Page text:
With a cup of coffee and an eye-roll, Alyssa channels classic Bea Arthur (if Dorothy Zbornak spent her daylight hours cooing at baby animals being cute on the Internet). She wavers between fierce sarcasm and sweet, girlish charm; her nails will be painted, but she is not to be taken lightly. Additionally, she plays caregiver to one fat rabbit.
This year was hard; for everyone. For you at home and for us at Pace-for our students, for their families, and for the faculty and staff charged with providing opportunity to everyone in our community. There was nothing easy or familiar about navigating the uncharted waters of making a university function during a global pandemic, but we did our best.
Maral Javadifar working out with players from the Tampa Bay Buccaneers. Photo courtesy of the Tampa Bay Buccaneers Her maturity, her focus, and her determination to succeed was what originally made Maral Javadifar '12 stand out to the Pace University Athletics Department.
For months prior to competition season, the team works late into the evening-researching, revising, developing their presentation, and rehearsing-and the faculty is working right alongside them. "Working with the team keeps us sharp," says Weinstock. "We have to provide the students with the most current, the most state-of-the-art, knowledge we have, and we have to do it as if they're colleagues and not just students."
Begun as an experimental course in 2013, the Environmental Policy Clinic, founded by Cronin, senior fellow in the Dyson College Institute for Sustainability and the Environment (DCISE) and the former Hudson Riverkeeper, and Michelle Land, JD ’02, clinical assistant professor and director of programming for DCISE, has developed into an environmentally-focused and hands-on learning-based experience. The Clinic, which, since its start, has included students from 20 majors, was created on the...
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the best fresh talent in art + literature
Welcome to the third release from Vagabonds! We're an anthology of travelers coming together to share our stories the only way we know how. Thank you, reader, for taking this ride with us.
An imagined retelling of an event that happened in Bergenfield, New Jersey, more than 25 years ago. The suicide pact was the catalyst for the re-evaluation of burnout culture, the economic undercurrents at the time, and more.
"We want to create one giant blurb of consciousness through small shot-gun blasts on each page. This is otherwise known as cigarette smoke, dirty words and everything in between. Basically, Open Mind wants artists that are driven with style."
Though the author never confirms nor denies Anne's guilt in respect to her alleged crimes, her examination of historical fact and apocrypha through Cromwell leaves the reader with a barren and stark look at courtly life. Any supposed romance or glamor that one may have felt toward the period is stripped away by the author's effortless and anxiety-producing prose.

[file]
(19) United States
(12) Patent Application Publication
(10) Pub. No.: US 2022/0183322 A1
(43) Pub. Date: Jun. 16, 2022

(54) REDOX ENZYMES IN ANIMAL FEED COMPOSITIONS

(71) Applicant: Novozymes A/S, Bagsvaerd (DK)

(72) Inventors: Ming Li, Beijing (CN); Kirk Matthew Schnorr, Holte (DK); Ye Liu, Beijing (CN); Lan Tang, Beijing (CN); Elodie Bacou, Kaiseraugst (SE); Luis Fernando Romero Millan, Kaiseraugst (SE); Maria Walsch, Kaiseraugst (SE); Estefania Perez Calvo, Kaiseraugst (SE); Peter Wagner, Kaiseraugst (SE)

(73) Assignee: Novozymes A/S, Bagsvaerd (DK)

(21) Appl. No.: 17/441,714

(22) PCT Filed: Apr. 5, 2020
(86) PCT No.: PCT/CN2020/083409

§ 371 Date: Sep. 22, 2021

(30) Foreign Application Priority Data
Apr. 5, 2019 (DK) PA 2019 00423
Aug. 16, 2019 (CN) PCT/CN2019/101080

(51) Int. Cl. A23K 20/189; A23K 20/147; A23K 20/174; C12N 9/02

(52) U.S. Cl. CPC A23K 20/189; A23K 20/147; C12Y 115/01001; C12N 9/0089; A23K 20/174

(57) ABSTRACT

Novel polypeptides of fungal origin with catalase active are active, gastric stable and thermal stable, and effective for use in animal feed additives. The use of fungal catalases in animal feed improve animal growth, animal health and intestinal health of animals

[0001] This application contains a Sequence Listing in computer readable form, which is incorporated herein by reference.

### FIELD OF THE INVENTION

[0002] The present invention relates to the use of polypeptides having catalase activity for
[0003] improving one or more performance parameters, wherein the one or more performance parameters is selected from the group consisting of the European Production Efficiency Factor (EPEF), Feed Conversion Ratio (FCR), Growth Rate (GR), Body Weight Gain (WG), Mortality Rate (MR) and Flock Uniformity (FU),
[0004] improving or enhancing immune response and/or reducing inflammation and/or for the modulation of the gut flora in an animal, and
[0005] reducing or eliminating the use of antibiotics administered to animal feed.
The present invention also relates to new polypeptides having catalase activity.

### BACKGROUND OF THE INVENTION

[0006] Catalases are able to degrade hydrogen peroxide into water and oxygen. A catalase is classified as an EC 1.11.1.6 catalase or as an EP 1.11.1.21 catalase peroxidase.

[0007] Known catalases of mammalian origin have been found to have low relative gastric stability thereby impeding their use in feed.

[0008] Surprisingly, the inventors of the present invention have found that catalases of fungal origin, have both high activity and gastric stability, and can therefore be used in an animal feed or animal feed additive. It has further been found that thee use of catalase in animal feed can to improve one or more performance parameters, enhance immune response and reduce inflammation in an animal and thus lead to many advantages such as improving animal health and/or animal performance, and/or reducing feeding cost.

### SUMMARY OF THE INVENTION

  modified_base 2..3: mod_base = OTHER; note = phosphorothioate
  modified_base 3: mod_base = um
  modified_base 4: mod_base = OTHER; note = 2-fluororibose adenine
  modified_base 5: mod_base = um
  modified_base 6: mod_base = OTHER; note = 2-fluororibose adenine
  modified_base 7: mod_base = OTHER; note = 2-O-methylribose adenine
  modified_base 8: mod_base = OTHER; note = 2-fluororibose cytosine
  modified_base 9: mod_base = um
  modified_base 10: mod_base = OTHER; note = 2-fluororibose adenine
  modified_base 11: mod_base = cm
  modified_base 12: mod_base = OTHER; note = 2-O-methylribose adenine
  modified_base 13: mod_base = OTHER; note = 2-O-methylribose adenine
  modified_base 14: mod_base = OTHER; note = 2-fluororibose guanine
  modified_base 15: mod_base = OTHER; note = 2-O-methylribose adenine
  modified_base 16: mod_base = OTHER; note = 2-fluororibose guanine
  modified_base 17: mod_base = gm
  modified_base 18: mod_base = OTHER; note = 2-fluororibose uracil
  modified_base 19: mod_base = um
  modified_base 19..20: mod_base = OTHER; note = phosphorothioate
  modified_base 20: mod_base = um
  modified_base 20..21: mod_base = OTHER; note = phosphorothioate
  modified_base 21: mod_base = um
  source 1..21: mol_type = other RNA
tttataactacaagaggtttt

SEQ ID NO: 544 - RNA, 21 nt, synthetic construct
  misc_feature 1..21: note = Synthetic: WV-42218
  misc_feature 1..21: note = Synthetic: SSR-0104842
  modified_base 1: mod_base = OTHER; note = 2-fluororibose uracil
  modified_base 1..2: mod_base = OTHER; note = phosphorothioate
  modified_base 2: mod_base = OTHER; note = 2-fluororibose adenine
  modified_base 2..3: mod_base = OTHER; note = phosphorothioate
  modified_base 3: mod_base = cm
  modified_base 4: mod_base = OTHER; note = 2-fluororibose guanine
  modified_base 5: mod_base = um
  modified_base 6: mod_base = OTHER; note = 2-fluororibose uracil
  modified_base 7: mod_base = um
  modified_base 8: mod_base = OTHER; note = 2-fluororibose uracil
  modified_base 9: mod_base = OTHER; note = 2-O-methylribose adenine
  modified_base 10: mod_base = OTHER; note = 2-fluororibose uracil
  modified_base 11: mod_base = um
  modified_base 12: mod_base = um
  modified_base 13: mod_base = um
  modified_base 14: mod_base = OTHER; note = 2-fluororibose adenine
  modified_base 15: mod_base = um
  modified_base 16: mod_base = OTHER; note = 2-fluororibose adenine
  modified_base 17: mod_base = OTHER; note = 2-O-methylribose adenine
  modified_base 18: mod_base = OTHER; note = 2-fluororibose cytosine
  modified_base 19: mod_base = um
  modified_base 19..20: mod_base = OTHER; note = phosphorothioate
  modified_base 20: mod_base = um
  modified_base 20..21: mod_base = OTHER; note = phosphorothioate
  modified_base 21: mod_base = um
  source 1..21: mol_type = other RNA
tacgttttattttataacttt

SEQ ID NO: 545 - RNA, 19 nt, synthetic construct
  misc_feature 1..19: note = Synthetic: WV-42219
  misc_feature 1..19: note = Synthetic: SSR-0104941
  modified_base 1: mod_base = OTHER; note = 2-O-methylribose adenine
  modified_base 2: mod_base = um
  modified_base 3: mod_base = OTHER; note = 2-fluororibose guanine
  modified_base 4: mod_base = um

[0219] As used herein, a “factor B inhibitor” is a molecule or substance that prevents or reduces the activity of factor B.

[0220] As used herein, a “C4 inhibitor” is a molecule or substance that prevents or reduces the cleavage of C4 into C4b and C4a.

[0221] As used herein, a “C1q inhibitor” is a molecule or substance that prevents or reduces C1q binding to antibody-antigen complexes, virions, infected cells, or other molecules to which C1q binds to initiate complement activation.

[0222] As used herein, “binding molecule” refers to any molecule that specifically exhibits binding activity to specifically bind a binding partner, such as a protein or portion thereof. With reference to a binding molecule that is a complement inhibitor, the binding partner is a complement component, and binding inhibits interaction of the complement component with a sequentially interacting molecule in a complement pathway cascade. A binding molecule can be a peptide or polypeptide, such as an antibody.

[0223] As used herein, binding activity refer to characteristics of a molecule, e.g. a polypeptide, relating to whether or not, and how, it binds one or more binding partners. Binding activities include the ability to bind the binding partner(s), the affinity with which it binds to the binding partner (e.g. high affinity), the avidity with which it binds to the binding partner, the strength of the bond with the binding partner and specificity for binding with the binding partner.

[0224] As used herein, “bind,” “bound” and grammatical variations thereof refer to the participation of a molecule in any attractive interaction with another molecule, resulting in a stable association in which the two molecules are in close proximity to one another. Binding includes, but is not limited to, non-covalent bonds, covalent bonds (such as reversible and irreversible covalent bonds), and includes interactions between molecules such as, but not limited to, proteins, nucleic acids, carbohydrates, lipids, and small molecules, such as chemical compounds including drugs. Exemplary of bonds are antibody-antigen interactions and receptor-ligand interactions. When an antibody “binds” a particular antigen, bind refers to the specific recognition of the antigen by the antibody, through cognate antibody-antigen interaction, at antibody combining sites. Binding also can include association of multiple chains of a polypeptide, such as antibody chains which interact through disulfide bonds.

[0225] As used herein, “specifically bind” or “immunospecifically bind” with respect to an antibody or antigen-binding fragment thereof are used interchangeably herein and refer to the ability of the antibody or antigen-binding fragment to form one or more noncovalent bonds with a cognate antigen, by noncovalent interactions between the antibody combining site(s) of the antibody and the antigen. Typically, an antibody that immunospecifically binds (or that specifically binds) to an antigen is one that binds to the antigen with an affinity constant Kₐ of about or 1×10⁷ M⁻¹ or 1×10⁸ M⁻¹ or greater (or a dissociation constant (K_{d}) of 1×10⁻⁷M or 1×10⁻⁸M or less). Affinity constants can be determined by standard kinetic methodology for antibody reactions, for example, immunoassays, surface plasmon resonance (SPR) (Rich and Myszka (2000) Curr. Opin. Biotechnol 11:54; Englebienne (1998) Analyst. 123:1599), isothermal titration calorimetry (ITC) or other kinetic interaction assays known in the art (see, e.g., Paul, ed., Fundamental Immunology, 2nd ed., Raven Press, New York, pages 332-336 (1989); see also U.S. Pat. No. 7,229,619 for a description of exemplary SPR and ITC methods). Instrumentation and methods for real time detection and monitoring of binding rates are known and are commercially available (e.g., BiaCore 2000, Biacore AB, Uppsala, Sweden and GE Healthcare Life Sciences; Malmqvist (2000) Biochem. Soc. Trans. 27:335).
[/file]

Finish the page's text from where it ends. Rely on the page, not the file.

Dyson Professor Leora Trub, PhD, and Pace student Jonathan O'Hadi '16 teamed up to explore why we text compulsively, how we learn to feel our emotions before we hit send, and why some messages just leave us anxious and upset. Ding-ding. Buzz, buzz.
Dyson Assistant Professor at Pace University, Jason Whitesel, PhD, shares his ethnographic study on the lives and interactions of fat men within the gay community. "I started my research as part of my dissertation," explains Dyson Assistant Professor of Women's and Gender Studies at Pace University, Jason Whitesel, PhD.
Dyson Assistant Professor Elmer-Rico Mojica discusses his work with Pace's undergraduate students and the tiny particles that can have a huge impact. So, what do nanomaterials have to do with a goopy, white nose? A lot.
Professor Adam Klein examines the news media's response and characterization of the vigilante hacktivist group Anonymous. "There's something a little dangerous about a group that can do something that is essentially the same as throwing a brick through a storefront window and running away," says Dyson Professor of Communication Studies Adam Klein, PhD, "Should what they do be treated as a legitimate protest?"
Professor Terence Hines challenges the neurological urban legend of Albert Einstein's brain one critique at a time. "About 10 or 12 years ago, I was teaching a neurophysiology class and somebody said that they had always heard that Einstein's brain had more glial, or support, cells than normal people.
College of Health Professions Assistant Professor Angela Northrup discusses a new approach to educating students about the realities of life in poverty. They were either overworked or unemployed. Their days were too short, their responsibilities overwhelming. Some waited in line at the welfare office for hours, others hoarded their food stamps and pawned their valuables to make ends meet.